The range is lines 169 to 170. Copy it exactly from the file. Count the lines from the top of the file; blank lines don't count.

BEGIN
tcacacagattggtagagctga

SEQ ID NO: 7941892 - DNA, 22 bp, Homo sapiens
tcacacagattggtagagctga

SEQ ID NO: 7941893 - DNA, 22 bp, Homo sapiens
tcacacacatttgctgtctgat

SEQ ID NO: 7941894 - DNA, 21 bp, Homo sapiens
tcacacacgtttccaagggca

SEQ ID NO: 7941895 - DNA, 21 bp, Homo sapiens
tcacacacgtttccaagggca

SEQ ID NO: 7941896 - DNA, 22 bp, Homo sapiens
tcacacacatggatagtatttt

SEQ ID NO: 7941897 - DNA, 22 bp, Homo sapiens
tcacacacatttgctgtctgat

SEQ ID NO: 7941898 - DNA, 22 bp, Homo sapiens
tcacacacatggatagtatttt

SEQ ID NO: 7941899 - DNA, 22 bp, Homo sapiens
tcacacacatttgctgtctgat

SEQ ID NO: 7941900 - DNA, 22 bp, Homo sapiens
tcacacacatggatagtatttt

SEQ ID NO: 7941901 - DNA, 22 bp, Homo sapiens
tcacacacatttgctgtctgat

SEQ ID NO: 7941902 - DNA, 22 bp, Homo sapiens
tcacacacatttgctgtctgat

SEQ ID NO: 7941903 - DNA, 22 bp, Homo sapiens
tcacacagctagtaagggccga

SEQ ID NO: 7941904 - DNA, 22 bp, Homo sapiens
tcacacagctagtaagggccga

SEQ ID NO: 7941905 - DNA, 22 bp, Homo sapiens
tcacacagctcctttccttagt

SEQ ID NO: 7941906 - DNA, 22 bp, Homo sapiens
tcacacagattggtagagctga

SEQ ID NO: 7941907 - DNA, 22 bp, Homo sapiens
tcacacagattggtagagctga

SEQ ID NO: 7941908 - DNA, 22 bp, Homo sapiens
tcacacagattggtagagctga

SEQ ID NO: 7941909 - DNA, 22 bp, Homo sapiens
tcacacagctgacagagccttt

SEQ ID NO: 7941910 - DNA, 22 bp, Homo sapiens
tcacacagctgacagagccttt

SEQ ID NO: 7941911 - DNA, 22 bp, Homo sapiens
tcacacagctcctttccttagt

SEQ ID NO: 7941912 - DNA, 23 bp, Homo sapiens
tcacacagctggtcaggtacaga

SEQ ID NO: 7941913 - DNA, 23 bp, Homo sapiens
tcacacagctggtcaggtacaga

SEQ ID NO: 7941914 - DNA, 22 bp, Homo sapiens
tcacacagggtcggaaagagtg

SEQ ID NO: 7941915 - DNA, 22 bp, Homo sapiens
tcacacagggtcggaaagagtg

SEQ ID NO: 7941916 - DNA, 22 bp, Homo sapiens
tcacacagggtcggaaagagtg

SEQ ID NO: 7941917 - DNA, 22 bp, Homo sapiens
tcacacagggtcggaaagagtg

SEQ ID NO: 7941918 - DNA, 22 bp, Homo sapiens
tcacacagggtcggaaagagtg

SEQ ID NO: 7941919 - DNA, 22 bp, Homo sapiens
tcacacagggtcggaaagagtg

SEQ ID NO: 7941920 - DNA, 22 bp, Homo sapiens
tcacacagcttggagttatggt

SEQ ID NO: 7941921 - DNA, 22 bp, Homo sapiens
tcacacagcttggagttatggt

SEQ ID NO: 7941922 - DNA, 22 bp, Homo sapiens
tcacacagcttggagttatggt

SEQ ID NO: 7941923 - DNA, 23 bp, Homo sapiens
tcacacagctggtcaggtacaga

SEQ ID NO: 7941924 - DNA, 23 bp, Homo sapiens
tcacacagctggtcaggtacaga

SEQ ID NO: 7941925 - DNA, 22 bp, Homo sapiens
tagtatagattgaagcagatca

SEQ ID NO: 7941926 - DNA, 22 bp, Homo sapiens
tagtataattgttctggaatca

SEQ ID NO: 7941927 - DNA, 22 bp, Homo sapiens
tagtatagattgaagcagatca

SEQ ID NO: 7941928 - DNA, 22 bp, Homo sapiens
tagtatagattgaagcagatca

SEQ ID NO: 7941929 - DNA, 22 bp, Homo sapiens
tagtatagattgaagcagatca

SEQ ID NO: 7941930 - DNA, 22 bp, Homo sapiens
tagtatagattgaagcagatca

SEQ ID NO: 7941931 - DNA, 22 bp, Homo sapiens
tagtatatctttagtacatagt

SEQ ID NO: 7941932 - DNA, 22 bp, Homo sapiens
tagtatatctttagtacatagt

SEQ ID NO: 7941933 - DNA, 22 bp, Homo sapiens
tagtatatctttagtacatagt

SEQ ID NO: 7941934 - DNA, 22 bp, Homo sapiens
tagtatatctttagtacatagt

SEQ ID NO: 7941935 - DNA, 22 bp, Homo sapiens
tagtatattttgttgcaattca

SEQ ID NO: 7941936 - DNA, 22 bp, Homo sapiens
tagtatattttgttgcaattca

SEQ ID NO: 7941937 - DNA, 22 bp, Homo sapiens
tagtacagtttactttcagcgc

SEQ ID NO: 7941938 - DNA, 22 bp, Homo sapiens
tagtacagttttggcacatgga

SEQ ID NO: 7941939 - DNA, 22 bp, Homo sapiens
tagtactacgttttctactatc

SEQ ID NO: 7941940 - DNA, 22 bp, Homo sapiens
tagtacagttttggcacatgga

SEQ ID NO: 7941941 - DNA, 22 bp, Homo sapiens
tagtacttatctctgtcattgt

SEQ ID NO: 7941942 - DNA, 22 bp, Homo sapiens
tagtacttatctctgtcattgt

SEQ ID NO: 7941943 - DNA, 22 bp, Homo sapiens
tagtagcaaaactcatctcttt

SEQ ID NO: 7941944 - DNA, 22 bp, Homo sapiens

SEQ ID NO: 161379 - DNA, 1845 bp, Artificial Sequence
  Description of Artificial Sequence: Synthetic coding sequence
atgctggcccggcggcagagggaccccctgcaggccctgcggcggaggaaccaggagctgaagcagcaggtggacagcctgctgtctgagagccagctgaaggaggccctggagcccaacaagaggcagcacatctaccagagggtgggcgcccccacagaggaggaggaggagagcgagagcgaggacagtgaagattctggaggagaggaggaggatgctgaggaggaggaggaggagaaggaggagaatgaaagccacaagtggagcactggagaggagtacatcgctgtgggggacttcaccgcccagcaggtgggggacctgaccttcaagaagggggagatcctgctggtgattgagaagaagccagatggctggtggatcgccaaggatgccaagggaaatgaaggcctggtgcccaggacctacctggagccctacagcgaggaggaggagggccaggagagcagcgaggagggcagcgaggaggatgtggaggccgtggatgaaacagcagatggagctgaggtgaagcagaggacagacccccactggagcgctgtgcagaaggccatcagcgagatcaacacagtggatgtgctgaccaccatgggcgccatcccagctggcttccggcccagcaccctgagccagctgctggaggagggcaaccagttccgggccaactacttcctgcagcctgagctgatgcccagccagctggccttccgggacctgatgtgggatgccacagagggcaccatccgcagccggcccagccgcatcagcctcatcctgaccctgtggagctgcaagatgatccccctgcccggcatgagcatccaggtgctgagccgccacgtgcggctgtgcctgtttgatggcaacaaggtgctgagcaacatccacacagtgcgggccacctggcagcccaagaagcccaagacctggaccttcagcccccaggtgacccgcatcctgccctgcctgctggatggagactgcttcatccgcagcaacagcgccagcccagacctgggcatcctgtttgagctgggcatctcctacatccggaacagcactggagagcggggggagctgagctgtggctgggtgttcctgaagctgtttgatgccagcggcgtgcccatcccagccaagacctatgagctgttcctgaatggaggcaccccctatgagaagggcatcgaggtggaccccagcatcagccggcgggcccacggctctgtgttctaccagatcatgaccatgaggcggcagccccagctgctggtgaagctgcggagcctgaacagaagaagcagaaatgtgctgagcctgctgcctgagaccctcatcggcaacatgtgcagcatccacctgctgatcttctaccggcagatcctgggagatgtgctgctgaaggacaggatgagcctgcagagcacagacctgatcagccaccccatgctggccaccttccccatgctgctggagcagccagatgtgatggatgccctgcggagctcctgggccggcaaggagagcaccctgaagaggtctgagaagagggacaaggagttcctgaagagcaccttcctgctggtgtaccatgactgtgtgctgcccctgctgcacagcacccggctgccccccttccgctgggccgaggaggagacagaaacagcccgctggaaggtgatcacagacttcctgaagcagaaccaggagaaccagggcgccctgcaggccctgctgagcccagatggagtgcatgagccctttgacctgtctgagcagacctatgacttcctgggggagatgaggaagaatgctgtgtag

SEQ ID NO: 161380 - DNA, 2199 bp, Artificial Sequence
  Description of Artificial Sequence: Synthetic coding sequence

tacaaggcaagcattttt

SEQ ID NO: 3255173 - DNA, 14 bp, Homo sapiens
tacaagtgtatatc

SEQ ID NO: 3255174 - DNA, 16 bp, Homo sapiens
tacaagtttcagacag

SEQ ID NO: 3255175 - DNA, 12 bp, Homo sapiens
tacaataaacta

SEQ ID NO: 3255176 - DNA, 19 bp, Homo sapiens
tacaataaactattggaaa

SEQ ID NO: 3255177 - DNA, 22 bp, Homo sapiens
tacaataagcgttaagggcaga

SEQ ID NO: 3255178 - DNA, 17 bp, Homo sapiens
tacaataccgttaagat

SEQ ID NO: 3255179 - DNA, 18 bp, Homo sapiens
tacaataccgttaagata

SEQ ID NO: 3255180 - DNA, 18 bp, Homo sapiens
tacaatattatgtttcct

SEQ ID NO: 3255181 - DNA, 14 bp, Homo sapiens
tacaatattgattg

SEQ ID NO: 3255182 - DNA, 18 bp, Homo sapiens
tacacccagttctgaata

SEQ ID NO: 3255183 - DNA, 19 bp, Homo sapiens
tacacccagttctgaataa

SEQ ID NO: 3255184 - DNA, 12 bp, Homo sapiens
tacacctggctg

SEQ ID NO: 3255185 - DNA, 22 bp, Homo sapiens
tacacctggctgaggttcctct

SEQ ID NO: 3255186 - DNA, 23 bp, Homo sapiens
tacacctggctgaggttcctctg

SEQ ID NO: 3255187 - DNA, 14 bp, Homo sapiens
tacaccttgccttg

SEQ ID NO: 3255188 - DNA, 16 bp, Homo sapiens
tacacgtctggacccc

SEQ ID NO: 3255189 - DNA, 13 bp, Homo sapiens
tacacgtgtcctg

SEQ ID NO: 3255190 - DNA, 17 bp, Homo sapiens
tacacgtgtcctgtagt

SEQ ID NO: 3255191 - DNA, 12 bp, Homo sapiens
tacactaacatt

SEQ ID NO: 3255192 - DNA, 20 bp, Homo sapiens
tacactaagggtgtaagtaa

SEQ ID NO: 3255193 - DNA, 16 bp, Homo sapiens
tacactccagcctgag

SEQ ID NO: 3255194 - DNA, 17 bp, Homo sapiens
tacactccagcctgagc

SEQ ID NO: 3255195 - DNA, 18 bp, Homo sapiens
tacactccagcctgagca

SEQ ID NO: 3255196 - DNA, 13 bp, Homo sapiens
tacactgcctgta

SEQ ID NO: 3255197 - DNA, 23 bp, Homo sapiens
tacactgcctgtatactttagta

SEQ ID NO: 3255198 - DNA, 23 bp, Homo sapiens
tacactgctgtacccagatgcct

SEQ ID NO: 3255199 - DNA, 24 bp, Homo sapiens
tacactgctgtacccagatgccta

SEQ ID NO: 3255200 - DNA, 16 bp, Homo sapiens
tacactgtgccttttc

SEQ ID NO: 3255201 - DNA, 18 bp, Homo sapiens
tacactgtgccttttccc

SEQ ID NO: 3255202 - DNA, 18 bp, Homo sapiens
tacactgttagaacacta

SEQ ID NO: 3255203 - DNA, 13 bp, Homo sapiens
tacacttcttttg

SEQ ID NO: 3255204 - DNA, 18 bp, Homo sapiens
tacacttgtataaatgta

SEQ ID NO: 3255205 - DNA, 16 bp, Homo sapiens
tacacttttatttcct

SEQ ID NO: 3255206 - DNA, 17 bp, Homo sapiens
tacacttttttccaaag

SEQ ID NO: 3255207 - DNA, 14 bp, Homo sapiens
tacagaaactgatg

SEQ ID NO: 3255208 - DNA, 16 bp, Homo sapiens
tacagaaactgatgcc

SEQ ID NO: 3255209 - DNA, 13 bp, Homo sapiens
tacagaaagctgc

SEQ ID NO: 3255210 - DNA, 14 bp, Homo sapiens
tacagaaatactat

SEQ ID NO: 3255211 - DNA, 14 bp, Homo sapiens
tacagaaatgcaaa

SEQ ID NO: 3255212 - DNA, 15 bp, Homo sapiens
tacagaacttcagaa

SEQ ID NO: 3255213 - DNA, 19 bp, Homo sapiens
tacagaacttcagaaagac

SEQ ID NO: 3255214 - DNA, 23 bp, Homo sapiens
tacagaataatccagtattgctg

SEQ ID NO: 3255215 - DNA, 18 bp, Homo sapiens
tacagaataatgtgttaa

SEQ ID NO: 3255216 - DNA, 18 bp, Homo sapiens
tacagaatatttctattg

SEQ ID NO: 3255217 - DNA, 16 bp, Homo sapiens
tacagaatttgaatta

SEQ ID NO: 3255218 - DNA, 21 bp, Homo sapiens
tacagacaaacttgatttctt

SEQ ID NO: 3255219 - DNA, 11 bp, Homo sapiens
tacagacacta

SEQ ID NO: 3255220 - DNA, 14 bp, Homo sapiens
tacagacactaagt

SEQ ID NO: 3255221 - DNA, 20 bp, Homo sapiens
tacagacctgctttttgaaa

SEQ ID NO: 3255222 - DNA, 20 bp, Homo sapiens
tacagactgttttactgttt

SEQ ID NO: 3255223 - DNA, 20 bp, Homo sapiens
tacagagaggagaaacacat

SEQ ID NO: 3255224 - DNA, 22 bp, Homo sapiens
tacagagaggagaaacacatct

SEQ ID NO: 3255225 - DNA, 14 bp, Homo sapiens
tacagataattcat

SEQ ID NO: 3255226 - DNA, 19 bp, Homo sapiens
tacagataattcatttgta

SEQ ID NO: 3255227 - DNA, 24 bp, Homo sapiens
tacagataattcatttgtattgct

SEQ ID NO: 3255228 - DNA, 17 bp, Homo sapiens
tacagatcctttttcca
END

SEQ ID NO: 3255201 - DNA, 18 bp, Homo sapiens
tacactgtgccttttccc